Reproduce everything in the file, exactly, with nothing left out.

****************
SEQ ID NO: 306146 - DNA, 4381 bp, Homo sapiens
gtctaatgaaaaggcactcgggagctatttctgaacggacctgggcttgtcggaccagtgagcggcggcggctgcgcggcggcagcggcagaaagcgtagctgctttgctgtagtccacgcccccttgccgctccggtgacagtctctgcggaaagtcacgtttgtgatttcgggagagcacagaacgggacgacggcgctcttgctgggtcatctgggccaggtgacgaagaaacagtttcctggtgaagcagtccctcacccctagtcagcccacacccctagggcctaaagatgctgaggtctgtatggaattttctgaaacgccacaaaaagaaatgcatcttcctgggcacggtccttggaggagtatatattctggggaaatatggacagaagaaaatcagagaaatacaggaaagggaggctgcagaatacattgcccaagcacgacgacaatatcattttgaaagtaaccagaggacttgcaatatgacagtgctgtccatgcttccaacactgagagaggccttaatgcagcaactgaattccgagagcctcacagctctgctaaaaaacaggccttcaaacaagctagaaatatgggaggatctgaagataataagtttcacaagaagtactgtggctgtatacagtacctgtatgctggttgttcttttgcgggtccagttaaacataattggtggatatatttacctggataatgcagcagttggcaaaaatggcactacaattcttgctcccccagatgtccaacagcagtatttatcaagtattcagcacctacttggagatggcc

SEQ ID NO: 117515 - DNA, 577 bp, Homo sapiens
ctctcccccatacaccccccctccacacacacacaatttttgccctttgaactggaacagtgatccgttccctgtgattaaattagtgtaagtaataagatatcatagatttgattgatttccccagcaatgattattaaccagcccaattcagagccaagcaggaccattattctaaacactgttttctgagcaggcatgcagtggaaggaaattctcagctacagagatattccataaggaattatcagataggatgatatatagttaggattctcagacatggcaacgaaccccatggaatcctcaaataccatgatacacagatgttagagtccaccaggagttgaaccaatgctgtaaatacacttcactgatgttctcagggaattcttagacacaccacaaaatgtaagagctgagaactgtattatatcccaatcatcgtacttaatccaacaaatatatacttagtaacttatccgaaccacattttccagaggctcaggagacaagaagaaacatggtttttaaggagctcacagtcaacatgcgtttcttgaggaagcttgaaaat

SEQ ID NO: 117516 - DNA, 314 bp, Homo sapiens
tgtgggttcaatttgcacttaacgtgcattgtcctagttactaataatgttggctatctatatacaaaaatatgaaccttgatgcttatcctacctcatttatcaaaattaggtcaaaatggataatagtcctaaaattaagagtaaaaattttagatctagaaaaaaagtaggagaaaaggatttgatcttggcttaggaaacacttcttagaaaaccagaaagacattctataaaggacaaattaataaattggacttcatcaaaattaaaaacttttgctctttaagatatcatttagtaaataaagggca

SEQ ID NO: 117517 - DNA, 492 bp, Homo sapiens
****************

SEQ ID NO: 306146 - DNA, 4381 bp, Homo sapiens
gtctaatgaaaaggcactcgggagctatttctgaacggacctgggcttgtcggaccagtgagcggcggcggctgcgcggcggcagcggcagaaagcgtagctgctttgctgtagtccacgcccccttgccgctccggtgacagtctctgcggaaagtcacgtttgtgatttcgggagagcacagaacgggacgacggcgctcttgctgggtcatctgggccaggtgacgaagaaacagtttcctggtgaagcagtccctcacccctagtcagcccacacccctagggcctaaagatgctgaggtctgtatggaattttctgaaacgccacaaaaagaaatgcatcttcctgggcacggtccttggaggagtatatattctggggaaatatggacagaagaaaatcagagaaatacaggaaagggaggctgcagaatacattgcccaagcacgacgacaatatcattttgaaagtaaccagaggacttgcaatatgacagtgctgtccatgcttccaacactgagagaggccttaatgcagcaactgaattccgagagcctcacagctctgctaaaaaacaggccttcaaacaagctagaaatatgggaggatctgaagataataagtttcacaagaagtactgtggctgtatacagtacctgtatgctggttgttcttttgcgggtccagttaaacataattggtggatatatttacctggataatgcagcagttggcaaaaatggcactacaattcttgctcccccagatgtccaacagcagtatttatcaagtattcagcacctacttggagatggcc

SEQ ID NO: 117515 - DNA, 577 bp, Homo sapiens
ctctcccccatacaccccccctccacacacacacaatttttgccctttgaactggaacagtgatccgttccctgtgattaaattagtgtaagtaataagatatcatagatttgattgatttccccagcaatgattattaaccagcccaattcagagccaagcaggaccattattctaaacactgttttctgagcaggcatgcagtggaaggaaattctcagctacagagatattccataaggaattatcagataggatgatatatagttaggattctcagacatggcaacgaaccccatggaatcctcaaataccatgatacacagatgttagagtccaccaggagttgaaccaatgctgtaaatacacttcactgatgttctcagggaattcttagacacaccacaaaatgtaagagctgagaactgtattatatcccaatcatcgtacttaatccaacaaatatatacttagtaacttatccgaaccacattttccagaggctcaggagacaagaagaaacatggtttttaaggagctcacagtcaacatgcgtttcttgaggaagcttgaaaat

SEQ ID NO: 117516 - DNA, 314 bp, Homo sapiens
tgtgggttcaatttgcacttaacgtgcattgtcctagttactaataatgttggctatctatatacaaaaatatgaaccttgatgcttatcctacctcatttatcaaaattaggtcaaaatggataatagtcctaaaattaagagtaaaaattttagatctagaaaaaaagtaggagaaaaggatttgatcttggcttaggaaacacttcttagaaaaccagaaagacattctataaaggacaaattaataaattggacttcatcaaaattaaaaacttttgctctttaagatatcatttagtaaataaagggca

SEQ ID NO: 117517 - DNA, 492 bp, Homo sapiens